Sorry I used the word ‘shame’: Sabyasachi on sari comment
New Delhi : Fashion designer Sabyasachi Mukherjee on Wednesday penned an open letter to apologise for using the word “shame” for Indian women who don’t know how to wear a sari, but said he is not apologetic about his intent.
At the Harvard India Conference last week, the Kolkata-based designer was asked about the reluctance among young Indian women to wear a sari.
He said: “I think, if you tell me that you do not know how to wear a sari, I would say shame on you. It’s a part of your culture, (you) need to stand up for it.”
This drew a lot of flak for the designer, who on Wednesday posted an Instagram letter to clarify his stance.
“Allow me to sincerely apologise for the words that I used while answering impromptu questions at a conference at Harvard. I am sorry that I used the word ‘shame’ in reference to some women’s inability to wear a sari. I truly regret that the way in which I tried to make a point about the sari enabled it to be interpreted as misogynistic, patriarchal, and non-inclusive – this was certainly not my intention,” Mukherjee said.
He further provided a context to his words.
“A woman had asked me to comment on the cultural taboo of young women wearing saris because, as she said, society tells them that it ‘makes them look older. What is your suggestion’, she asked, ‘for those young generations, to break that taboo and embrace the sari…'”
Mukherjee said it’s a question he fields often.
“The ubiquity of such sentiments in our culture, evidenced by the fact that this question was posed to me at Harvard, of all places, was hard-hitting and triggered an unfortunate series of reactions on my part. Sometimes, when you are that invested in your craft, you become hypersensitive to the negativity surrounding that which you love.”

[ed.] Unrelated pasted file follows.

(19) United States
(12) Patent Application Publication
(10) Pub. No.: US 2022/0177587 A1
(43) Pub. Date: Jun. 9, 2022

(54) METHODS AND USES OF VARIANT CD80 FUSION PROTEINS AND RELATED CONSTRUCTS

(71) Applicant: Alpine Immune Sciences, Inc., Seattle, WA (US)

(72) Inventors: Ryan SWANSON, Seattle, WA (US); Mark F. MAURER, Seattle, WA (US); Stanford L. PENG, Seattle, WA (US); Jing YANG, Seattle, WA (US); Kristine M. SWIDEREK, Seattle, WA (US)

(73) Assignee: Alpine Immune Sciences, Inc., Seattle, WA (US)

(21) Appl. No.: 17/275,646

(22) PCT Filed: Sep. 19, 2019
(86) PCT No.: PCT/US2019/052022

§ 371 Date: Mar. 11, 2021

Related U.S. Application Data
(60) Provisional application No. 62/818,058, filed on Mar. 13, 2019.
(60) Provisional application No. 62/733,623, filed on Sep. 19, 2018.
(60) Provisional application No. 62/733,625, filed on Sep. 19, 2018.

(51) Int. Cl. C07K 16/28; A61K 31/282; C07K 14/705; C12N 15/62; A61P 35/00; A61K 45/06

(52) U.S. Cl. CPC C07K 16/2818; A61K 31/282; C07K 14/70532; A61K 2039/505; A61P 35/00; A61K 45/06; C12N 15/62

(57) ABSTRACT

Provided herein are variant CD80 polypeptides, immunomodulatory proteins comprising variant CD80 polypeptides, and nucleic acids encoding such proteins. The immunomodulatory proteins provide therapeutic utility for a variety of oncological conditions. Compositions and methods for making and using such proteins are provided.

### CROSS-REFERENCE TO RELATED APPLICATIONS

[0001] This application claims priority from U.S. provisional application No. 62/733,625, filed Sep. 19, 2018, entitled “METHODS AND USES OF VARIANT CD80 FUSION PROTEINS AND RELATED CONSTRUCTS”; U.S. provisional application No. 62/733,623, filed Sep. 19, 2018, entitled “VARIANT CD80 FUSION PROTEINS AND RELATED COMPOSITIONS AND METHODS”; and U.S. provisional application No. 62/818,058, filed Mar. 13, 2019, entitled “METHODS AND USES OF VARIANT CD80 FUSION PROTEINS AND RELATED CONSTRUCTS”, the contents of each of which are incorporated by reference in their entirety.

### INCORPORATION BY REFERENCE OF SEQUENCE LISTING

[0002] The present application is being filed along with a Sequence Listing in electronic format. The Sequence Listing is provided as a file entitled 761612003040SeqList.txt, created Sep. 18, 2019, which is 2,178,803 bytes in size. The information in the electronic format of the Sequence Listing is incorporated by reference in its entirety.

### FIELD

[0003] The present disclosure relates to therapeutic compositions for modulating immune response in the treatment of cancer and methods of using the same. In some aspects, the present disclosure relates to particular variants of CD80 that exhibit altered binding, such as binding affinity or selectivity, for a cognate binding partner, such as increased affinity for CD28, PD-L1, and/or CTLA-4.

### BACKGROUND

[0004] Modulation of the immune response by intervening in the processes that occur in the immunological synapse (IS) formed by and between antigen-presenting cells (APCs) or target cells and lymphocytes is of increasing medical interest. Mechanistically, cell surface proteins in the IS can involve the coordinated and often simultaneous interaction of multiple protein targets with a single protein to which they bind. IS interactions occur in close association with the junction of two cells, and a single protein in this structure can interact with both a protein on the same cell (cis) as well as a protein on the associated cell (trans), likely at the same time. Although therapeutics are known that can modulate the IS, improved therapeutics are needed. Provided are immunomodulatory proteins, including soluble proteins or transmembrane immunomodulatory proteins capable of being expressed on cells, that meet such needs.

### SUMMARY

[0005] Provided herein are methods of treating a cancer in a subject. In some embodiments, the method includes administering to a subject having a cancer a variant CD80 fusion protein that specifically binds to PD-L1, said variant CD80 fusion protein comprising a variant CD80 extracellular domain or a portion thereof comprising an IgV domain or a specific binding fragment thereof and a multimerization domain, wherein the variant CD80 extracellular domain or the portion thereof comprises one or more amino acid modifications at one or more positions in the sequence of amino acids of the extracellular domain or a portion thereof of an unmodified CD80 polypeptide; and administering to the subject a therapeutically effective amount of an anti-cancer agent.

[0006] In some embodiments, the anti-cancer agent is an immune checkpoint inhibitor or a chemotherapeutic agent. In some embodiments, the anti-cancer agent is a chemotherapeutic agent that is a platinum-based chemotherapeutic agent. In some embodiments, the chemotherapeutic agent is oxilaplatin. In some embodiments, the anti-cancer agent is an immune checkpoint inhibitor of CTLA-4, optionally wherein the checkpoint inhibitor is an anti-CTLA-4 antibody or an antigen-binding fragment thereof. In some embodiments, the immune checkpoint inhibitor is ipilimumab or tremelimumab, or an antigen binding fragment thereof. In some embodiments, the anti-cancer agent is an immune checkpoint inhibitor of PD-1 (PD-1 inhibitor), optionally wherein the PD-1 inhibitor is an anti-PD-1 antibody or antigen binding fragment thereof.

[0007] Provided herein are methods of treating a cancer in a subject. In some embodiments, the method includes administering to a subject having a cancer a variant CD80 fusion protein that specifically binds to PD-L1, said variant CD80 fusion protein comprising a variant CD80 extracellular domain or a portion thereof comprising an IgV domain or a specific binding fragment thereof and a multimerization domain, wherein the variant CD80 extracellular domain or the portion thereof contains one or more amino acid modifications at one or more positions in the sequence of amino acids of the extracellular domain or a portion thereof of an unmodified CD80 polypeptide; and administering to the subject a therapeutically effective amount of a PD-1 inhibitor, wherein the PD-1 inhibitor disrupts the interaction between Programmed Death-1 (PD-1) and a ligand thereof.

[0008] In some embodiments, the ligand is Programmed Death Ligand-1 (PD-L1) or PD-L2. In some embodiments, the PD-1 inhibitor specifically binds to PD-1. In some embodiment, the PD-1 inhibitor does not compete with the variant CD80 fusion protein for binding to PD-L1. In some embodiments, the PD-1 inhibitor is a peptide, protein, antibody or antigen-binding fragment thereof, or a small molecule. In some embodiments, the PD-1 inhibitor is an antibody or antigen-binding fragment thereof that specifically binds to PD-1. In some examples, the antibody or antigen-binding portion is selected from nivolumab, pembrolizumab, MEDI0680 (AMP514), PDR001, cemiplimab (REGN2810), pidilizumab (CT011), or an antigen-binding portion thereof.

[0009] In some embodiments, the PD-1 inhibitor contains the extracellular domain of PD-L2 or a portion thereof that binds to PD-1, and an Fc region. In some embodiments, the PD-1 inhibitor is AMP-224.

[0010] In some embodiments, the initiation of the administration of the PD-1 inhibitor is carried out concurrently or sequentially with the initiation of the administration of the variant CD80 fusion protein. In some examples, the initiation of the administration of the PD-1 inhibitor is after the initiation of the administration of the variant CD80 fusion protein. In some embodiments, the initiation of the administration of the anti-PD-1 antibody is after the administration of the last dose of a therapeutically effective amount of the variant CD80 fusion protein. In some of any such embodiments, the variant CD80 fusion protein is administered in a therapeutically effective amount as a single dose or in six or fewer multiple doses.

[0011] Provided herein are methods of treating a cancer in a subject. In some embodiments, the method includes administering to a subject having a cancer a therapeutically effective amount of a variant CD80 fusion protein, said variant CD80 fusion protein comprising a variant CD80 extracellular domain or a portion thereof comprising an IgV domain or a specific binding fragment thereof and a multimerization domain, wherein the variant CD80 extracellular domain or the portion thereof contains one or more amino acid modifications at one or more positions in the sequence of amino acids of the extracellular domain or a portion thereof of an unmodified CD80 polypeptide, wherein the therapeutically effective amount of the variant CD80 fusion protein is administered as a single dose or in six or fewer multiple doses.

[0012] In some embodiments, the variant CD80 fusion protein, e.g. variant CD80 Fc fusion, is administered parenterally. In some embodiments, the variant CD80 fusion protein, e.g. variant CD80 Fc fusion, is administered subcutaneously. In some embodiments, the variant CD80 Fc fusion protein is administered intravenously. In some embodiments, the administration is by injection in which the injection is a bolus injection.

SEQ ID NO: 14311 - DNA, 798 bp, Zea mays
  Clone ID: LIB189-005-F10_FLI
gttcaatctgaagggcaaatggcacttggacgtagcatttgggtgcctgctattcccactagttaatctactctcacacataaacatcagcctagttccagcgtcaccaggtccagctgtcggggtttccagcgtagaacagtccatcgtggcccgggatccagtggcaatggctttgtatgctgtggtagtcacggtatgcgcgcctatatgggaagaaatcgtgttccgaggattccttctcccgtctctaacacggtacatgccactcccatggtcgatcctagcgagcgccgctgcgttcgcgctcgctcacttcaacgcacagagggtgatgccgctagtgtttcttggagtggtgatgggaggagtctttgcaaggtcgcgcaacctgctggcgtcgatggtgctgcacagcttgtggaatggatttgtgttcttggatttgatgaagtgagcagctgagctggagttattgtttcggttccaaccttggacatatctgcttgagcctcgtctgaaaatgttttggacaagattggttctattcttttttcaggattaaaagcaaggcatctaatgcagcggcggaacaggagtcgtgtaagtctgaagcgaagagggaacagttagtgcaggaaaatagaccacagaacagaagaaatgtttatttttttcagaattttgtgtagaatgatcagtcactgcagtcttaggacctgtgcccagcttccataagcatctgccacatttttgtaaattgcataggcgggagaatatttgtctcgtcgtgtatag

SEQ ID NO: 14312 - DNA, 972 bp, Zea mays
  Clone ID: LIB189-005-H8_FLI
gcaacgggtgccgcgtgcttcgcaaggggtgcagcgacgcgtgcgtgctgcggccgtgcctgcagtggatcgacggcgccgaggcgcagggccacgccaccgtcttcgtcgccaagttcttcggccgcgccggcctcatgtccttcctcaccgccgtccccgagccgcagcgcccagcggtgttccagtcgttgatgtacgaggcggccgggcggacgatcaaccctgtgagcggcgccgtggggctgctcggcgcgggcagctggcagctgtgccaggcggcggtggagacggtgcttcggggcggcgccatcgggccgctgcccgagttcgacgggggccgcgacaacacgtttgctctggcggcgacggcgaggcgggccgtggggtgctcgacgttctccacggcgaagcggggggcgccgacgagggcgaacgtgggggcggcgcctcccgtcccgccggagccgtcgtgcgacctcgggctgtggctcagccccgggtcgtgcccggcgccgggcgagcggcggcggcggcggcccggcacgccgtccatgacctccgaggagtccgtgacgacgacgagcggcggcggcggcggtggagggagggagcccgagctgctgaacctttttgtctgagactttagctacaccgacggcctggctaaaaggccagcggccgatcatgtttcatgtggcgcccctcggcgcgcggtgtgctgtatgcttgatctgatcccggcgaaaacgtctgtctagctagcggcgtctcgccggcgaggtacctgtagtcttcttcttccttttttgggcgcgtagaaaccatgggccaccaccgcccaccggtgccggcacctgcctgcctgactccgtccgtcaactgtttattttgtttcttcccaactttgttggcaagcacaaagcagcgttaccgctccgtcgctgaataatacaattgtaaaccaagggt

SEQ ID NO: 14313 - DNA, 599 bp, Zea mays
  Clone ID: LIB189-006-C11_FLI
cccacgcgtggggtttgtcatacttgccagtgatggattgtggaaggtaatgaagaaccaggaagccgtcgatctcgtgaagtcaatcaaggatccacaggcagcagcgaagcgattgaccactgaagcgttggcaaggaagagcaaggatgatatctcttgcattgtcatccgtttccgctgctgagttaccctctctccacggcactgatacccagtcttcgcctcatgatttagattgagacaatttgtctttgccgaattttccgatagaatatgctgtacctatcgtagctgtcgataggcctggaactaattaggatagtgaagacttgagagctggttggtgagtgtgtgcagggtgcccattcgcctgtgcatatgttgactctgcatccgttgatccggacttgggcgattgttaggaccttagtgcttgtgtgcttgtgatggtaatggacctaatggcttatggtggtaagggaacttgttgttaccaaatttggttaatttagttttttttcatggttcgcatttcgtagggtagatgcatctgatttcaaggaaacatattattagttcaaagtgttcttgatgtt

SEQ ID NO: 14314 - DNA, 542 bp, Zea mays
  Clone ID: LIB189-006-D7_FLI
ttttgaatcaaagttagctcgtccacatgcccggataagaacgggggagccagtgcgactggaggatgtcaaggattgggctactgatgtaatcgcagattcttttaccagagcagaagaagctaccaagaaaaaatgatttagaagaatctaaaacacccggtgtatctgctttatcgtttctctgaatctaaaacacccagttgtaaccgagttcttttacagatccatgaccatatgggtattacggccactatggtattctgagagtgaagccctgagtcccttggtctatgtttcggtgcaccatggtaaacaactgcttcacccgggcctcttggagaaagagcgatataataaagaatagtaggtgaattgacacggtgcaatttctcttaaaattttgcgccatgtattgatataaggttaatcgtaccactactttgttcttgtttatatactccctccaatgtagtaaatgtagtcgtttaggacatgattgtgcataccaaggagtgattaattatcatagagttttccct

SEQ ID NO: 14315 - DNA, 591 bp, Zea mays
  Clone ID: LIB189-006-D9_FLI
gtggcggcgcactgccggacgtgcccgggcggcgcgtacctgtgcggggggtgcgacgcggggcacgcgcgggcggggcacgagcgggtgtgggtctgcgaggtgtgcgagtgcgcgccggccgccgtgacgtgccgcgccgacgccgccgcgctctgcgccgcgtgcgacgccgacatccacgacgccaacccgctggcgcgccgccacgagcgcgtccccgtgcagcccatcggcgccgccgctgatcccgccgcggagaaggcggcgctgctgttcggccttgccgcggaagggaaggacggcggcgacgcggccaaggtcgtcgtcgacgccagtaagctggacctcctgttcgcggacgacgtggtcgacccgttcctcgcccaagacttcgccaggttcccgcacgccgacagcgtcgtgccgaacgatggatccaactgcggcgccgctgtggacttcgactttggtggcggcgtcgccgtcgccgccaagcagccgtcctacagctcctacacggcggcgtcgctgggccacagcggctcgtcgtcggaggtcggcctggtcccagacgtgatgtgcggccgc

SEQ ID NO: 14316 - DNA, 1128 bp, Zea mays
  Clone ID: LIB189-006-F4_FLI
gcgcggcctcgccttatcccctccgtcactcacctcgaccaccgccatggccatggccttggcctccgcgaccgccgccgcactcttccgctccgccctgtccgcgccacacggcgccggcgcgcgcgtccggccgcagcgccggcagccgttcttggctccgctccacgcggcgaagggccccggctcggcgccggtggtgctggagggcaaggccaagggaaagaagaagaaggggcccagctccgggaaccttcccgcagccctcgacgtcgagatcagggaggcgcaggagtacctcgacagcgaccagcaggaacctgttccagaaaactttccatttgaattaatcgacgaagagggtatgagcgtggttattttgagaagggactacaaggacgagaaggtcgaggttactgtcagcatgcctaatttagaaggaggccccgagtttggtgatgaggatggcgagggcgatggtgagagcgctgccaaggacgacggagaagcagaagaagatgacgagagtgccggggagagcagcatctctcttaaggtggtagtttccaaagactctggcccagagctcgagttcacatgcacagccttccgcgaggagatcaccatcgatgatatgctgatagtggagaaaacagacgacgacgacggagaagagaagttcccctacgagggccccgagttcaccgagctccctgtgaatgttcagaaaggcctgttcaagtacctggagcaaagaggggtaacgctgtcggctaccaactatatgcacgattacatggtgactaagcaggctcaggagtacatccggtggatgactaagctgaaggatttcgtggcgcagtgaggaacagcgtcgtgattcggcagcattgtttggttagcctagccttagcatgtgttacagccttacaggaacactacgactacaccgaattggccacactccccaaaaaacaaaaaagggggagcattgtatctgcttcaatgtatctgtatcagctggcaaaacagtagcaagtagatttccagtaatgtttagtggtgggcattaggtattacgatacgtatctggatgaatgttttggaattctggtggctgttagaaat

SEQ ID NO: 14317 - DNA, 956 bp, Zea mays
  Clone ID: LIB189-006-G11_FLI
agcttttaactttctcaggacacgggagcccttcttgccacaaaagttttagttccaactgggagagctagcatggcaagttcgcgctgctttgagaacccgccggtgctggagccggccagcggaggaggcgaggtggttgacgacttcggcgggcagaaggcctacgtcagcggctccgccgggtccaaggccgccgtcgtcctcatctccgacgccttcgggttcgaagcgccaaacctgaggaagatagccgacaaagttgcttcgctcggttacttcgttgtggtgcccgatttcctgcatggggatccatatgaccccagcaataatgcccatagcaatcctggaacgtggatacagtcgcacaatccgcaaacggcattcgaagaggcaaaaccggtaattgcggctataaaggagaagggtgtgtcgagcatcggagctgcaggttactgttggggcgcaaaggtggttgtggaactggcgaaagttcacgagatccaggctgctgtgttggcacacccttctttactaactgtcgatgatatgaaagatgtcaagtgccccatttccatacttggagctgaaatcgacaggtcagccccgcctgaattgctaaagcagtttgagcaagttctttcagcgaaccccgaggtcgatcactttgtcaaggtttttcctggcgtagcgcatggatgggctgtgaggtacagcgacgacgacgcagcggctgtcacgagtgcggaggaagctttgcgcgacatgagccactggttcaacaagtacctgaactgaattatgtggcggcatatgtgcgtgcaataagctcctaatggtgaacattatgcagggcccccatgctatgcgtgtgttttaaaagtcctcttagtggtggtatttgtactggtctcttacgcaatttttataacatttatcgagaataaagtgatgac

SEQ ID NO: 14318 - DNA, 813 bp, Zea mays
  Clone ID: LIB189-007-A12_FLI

Having worked with the sari for 16 years, he said he had “pent-up frustration” accrued for that segment of society which “constantly expresses disdain for this piece of Indian heritage”.
“It is this frustration that I unfortunately generalized to Indian women in response to the question, when I now see that I should have framed it as a call to stop shaming the sari and whomever chooses to wear it. I am passionate about textiles and our heritage, and I am sorry that in the heat of that moment, I allowed this passion to be misplaced,” he added.
Mukherjee also said “many women, young and old, are scared to have an outing in a sari because it is shrouded in so many layers of taboo and controversy, often citing inability to correctly drape a sari as an exit point”.
“I once again apologise for the distress caused by the words I used, but not for the intent, which often takes a back seat when slammed by controversy. My intent was to call out those women who proudly proclaim that they don’t wear saris and simultaneously shame others who wear saris by saying it makes them look older, backward, or culturally repressed.”